Brain cancer refers to a mass of abnormal looking cells that grow at a faster rate than is considered normal. There are primary brain cancers which originate at the source of location and there are the secondary brain cancers which have basically spread to the brain from some other part of the body. The causes of brain cancers however haven’t yet been fully understood although some triggers have been identified.

People working in oil refineries or handling jet fuel or chemicals like benzene, as well as chemists, embalmers, rubber industry workers have all been known to be at higher risk for brain cancers. People exposed to numerous dental x-rays, radiation, smoking, viral infections (HIV), etc, also show higher propensity towards brain tumors. And although there are some controversies involved, sweeteners like aspartame and excessive use of cell phone have also been implicated in brain cancers.

There are even some families where more than a single member has brain cancer, but it’s been difficult to prove as being hereditary. Cancers are caused by changes in the DNA when the body turns off its tumor suppressor genes (genes that control cell growth and kill off cells at the right time) or turns on its oncogenes (genes that help cells grow, divide and stay alive).

Human cells grow in accordance with information contained inside each cell’s DNA, and DNA is the chemical which makes up your genes. These genes are inherited from your parents and control how each part of your body functions. While some believe that such abnormal gene changes can be inherited from parents, the general consensus is that they are acquired during a person’s lifetime.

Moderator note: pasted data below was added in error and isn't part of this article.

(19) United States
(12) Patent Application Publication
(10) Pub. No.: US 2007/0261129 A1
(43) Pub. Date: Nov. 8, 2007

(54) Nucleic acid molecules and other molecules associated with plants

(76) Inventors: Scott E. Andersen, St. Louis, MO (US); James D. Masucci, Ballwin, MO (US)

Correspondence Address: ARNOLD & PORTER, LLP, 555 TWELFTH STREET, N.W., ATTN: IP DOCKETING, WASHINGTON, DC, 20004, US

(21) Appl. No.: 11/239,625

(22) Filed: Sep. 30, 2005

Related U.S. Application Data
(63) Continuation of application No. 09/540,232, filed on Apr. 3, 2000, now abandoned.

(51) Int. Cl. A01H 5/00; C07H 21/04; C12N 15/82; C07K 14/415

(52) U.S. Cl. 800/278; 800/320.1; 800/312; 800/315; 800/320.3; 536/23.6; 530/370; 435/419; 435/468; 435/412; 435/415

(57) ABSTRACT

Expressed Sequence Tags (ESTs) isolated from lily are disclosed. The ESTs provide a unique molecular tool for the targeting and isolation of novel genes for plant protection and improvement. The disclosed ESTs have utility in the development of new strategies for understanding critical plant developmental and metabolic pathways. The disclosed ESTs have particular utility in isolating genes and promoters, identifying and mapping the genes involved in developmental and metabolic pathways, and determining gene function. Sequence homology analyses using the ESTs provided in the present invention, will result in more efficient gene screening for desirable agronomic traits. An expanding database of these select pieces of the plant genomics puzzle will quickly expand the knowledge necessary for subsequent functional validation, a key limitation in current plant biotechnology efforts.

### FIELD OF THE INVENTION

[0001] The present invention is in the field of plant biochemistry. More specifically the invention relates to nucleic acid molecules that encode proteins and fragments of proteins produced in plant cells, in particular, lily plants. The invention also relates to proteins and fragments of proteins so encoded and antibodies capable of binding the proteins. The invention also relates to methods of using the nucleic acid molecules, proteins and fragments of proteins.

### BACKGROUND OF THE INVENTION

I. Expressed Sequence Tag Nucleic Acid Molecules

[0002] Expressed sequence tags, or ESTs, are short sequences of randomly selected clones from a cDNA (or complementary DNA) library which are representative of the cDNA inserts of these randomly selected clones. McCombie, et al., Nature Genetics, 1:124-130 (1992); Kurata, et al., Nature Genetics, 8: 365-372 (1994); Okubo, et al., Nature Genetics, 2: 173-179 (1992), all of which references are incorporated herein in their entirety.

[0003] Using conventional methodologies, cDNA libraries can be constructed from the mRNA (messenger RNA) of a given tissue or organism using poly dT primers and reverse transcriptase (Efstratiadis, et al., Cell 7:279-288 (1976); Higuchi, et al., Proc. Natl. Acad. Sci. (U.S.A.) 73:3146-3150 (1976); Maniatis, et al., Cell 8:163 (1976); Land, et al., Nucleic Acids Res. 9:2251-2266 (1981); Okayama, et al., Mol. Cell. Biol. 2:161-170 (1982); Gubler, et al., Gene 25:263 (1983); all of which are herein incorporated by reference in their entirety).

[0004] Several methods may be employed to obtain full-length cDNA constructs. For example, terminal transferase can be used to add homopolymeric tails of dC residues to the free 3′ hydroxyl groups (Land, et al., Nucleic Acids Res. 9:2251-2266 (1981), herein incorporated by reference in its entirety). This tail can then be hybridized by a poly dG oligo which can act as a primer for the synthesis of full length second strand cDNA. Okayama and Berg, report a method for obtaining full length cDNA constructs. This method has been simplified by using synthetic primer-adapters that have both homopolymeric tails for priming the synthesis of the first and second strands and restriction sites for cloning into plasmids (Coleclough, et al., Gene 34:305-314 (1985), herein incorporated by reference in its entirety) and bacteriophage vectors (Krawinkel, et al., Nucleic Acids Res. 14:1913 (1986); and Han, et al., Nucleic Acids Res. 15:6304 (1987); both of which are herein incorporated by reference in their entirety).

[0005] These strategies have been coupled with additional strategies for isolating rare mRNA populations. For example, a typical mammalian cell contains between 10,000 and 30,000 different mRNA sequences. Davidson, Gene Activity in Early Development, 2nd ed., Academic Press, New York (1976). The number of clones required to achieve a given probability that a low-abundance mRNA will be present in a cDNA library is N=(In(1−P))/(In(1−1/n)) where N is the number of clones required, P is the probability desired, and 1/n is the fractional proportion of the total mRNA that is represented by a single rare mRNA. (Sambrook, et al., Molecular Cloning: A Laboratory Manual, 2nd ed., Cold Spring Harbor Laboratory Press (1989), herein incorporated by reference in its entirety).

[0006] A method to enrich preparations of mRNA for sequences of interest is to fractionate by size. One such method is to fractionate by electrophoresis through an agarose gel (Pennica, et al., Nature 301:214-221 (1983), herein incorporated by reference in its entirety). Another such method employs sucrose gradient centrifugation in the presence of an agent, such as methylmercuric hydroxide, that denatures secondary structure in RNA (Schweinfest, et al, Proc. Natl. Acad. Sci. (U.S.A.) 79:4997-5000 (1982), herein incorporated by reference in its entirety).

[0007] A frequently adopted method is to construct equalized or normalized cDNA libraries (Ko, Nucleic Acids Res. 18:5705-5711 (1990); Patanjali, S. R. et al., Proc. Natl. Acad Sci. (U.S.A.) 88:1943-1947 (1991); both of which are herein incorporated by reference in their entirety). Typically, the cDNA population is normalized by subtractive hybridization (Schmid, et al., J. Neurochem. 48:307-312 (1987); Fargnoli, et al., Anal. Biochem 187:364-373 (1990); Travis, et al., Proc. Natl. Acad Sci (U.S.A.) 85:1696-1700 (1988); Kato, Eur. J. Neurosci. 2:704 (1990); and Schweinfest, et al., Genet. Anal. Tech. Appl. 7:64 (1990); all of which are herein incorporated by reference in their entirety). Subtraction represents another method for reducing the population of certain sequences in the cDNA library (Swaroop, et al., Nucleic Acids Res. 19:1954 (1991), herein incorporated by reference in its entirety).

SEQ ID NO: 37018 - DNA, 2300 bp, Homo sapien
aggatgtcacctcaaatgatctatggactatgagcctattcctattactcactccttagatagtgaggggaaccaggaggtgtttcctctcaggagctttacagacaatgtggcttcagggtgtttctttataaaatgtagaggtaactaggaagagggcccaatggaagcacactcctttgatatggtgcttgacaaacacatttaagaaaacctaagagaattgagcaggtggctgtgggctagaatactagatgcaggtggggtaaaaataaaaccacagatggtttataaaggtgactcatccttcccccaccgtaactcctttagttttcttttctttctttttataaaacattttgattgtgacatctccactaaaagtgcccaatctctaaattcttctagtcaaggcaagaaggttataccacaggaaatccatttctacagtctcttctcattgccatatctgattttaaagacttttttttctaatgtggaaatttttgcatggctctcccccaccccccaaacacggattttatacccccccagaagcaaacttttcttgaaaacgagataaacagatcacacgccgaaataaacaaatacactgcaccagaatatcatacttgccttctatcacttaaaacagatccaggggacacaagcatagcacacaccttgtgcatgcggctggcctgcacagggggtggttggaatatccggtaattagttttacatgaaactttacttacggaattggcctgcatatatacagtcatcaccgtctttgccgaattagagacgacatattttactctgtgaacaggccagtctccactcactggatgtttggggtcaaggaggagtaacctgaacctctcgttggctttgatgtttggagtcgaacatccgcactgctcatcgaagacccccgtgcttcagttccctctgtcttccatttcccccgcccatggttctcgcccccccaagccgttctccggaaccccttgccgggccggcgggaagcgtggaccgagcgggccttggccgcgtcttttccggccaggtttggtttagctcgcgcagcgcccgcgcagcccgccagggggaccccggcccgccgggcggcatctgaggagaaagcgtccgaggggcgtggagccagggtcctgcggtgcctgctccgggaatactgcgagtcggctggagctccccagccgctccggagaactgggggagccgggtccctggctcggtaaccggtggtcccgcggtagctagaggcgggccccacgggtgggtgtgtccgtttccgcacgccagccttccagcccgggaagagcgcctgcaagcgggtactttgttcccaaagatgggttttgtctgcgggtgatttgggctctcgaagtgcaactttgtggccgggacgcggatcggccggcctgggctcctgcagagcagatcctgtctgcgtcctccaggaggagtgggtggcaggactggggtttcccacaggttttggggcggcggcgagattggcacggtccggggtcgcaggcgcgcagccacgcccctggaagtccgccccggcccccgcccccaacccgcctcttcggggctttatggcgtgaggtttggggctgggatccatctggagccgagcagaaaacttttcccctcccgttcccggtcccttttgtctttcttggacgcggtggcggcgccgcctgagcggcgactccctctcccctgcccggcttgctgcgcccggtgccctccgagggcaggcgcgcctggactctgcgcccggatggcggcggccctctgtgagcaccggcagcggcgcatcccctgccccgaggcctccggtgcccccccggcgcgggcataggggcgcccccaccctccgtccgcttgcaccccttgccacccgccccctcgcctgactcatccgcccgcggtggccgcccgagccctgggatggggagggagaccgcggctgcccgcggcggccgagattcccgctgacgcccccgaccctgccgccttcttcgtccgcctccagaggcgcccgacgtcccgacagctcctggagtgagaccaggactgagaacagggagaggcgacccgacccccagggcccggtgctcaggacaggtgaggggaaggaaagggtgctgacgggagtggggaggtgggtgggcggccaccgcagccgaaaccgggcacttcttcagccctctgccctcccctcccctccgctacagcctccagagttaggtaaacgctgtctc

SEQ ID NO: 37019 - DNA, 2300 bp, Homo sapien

Inherited gene syndromes – Researchers have however found that some gene changes that cause certain rare inherited syndromes like neurofibromatosis, tuberous sclerosis and Li-Fraumeni syndrome may also predispose the person to brain and spinal cord tumors.

Acquired gene changes –It’s not yet fully understood how triggers induce DNA changes in the various cells of the brain (like tobacco smoke for lung cancer) to induce cancer. Other than radiation, there are no fully-confirmed environmental factors or lifestyle triggers that can be linked to cancers. In the absence of concrete evidence, it’s believed that gene changes are caused randomly in the brain, without any outside influence to induce cancer.

Based on data gathered, researchers have now understood that some people are at greater risk than others for developing brain cancer. But what puts them at greater risk is still a dilemma….

The important take-away point here is that with access to so many modern techniques and technology in India, brain cancer is now highly treatable.